Tony Miller has been building several cars over the past few decades, and all of them have been rather subtle with a lot of attention to small details and a mix of parts. Tony seems to pick the best looking part from the model years surrounding the car he is building. Creating phantom models that have a lot of people scratching their head. For this 1940 Project these same ideas will still apply, but overall this car will have a lot more body work and customizing going on than any of Tony’s previous cars. We are talking about sectioning, chopping and reshaping.

When Tony started his project he contacted John Vernon for some initial visuals, which helped Tony a lot getting the rest of the project planned. Tony sent me an long email with ideas for the car including the original visuals by John.
 
CCC-digital-restyling-miller-ford-01
 
CCC-digital-restyling-miller-ford-02John Vernon created the initial Photoshopped visual for Tony. Sectioned body, with a mild chop and 46-48 style looking top and window frames. The top photo shows where John based it on. The original image showed that Tony wanted to move the front wheels and openings forward with an inch and a half for better proportions.
[divider]
 
[box_light]

Hello Rik,

I think you’re aware that Don Dillard will be starting a project for me shortly. The starting point is a ’40 Standard coupe, and Don will be sectioning it a little and replacing the coupe roof with a Carson top, adding quarter windows like a postwar Ford convert. I think your Photoshop skills may be able to help us with some of the decisions; I’ll give you some of the background and you can let me know if you’re interested.

The car I bought is a Standard. Don strongly favors the DeLuxe front end; I have always preferred it too, although in recent years I’ve come to like the Standard hood and grille equally as well. Of course the DeLuxe is very sheer and straight lined, while the Standard is more curvaceous and has a prow like a boat. I have not yet made up my mind which to pursue; among the considerations are that I already own a Standard hood, and I have a little concern about the design line on the side of the DeLuxe hood crowding the stainless trim after it’s been sectioned. More about that in a minute.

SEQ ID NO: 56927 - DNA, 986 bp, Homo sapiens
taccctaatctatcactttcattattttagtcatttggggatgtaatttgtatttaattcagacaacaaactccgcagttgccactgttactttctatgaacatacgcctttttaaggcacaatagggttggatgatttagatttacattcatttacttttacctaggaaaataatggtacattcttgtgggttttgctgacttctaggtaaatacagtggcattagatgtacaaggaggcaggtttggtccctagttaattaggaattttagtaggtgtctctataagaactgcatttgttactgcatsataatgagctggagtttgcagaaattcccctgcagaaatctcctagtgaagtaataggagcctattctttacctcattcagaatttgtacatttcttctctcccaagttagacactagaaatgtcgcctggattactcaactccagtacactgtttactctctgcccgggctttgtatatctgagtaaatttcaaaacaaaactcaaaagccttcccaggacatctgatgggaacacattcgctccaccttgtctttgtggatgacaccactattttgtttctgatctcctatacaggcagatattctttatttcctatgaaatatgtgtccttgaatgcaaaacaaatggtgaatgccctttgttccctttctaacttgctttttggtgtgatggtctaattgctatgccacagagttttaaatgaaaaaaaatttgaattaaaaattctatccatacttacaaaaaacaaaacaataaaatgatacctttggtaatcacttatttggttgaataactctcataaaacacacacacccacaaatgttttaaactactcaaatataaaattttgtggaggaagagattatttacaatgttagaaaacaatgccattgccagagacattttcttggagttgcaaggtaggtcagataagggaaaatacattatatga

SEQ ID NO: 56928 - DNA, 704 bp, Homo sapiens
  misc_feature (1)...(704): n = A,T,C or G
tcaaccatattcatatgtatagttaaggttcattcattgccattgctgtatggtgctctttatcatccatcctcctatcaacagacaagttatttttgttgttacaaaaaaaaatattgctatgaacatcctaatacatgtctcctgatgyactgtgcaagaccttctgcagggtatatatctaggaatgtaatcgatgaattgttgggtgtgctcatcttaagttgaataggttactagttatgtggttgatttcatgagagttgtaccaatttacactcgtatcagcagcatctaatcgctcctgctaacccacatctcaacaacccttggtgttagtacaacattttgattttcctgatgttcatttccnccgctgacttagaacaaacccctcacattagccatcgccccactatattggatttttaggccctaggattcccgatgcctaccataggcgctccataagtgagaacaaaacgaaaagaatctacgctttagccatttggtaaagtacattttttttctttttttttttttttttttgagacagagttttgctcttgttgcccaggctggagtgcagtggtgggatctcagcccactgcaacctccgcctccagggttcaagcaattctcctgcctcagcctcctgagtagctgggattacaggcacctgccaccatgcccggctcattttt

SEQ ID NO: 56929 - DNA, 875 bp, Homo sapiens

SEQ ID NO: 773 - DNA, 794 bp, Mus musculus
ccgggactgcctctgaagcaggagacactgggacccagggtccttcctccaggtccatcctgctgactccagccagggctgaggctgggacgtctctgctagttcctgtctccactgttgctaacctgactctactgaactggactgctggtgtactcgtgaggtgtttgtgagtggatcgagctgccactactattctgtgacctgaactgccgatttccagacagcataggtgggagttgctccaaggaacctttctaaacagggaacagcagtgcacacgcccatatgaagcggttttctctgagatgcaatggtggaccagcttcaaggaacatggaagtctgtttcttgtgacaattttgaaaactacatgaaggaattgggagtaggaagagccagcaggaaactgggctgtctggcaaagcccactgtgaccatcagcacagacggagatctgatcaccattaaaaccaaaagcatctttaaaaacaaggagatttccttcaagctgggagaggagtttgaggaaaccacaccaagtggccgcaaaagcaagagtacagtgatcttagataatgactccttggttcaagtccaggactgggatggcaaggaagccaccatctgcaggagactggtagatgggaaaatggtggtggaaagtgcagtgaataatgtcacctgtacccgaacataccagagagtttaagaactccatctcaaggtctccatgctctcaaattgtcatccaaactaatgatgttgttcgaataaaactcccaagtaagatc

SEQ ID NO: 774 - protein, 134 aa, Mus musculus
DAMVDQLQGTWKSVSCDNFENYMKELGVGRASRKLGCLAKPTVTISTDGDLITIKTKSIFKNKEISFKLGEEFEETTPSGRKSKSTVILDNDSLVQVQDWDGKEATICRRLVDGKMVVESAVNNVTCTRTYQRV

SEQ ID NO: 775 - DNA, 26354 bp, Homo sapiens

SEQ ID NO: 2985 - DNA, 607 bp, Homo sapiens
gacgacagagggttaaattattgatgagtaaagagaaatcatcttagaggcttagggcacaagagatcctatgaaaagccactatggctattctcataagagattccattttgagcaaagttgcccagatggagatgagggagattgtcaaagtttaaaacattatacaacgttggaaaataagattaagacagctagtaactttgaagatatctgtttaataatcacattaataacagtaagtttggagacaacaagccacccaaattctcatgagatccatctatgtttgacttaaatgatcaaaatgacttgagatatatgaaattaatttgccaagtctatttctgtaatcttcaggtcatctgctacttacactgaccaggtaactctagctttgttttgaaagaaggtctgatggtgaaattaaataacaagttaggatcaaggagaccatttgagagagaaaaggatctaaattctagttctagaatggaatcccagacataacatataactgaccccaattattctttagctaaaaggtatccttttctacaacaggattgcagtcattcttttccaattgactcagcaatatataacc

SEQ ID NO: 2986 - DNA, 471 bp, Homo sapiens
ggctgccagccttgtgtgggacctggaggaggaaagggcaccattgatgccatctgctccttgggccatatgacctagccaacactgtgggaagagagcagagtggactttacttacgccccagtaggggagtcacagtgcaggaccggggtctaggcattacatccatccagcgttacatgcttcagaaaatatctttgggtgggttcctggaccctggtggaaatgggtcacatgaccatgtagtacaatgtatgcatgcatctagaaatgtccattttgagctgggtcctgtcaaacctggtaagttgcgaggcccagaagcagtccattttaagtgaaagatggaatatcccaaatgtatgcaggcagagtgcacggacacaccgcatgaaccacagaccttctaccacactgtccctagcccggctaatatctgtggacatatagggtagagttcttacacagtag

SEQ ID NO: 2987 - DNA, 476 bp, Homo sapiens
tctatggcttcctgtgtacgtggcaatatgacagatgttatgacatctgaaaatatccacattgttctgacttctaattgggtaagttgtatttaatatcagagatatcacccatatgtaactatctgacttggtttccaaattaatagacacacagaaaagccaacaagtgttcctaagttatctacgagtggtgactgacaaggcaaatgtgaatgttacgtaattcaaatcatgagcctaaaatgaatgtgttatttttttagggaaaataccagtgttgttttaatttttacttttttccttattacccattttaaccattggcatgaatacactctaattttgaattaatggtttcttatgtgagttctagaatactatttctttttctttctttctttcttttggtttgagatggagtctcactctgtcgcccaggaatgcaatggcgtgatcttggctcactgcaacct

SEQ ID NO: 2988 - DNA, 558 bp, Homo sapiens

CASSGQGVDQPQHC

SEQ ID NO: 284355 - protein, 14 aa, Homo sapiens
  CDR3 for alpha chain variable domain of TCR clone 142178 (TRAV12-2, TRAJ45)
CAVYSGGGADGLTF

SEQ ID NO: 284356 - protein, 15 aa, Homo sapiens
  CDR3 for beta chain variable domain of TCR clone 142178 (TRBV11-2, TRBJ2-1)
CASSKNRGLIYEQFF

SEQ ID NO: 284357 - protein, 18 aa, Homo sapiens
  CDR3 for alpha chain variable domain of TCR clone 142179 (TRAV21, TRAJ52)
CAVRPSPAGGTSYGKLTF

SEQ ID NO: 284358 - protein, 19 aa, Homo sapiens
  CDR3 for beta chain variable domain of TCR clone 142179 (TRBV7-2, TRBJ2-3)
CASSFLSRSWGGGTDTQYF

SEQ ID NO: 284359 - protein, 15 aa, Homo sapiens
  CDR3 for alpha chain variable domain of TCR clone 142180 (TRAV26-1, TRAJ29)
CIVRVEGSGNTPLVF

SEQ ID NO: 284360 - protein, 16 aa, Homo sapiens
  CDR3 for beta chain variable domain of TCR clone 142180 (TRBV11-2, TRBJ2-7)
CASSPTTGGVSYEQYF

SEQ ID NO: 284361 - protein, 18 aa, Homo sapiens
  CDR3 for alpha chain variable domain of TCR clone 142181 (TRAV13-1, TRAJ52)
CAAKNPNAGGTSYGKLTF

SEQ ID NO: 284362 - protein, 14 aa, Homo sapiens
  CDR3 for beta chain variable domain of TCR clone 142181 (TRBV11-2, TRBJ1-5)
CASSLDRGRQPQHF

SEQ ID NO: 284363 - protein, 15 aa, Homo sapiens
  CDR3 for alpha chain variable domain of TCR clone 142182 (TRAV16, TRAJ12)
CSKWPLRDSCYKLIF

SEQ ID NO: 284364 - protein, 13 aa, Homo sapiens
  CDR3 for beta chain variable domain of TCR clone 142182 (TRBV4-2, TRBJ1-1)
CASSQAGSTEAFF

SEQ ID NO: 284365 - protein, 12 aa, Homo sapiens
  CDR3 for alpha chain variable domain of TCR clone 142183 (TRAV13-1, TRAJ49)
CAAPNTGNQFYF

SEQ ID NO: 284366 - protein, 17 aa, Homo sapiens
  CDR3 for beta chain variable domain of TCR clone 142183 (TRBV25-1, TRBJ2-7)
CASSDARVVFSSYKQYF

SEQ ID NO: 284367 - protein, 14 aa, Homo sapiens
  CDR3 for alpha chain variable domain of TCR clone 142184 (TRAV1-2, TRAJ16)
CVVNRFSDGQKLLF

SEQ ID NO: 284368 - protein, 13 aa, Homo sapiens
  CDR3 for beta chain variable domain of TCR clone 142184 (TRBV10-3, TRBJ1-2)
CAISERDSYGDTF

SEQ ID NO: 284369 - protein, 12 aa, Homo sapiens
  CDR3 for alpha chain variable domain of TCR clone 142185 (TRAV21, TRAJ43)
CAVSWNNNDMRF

The second issue concerns the grille, regardless of DeLuxe or Standard. Don and I are in agreement that most sectioned ’40s are least successful in the grille area, because as the top of the hood is lowered toward the headlights, the mouth becomes too large for the face.

What Don and I have discussed is this: When sectioning the hood, to step the cut at the trailing edge of the grille, so that more of the stock nose is preserved, and to remove an amount equal to the section (or maybe half that) from the height of the grille. That is, the hood/grille joint is moved down an inch or two relative to the position of the headlights. Our hope is that the nice proportions of the stock front end is thus restored.

So, my request of you is this: try both the Standard and DeLuxe front ends on the same sectioned body, and adjust the hood/grille joint downward until the proportions look right. If you’re able to tell us the approximate dimension of that adjustment, so much the better. I will be using a bumper; feel free to place it where it looks best to you.

Here’s where we think we’re going. This represents about a 2″ section, a slight chop to make the side windows the same height as a ’40 convert, and a Carson top made to look like a folding top from a ’42-’48 Ford Convert (also a little lower than stock). The front wheels and wheel wells have been moved forward about 2″, and the wheel wells have been radiused to match the chosen tire sizes:

I think that a front 3/4 view would illustrate the options best.
The questions, then, are: Would you like to play?

Many thanks
Tony Miller

[/box_light]
 
Digital Restyling Tony Miller 40 Ford
I have always been very impressed with Tony’s cars, so I was very happy he approached me to help him out with his new project. I emailed him back I was IN and started thinking about the project. I started searching for the best photos to use and figured it would be best to start with a dead on front view of a 1940 Ford standard to figure out the best amount of sectioning. I could not find a dead on front view of a convertible, but in this stage that was not really important. We used the size of the side trim to figure out the amount to section the¬†car.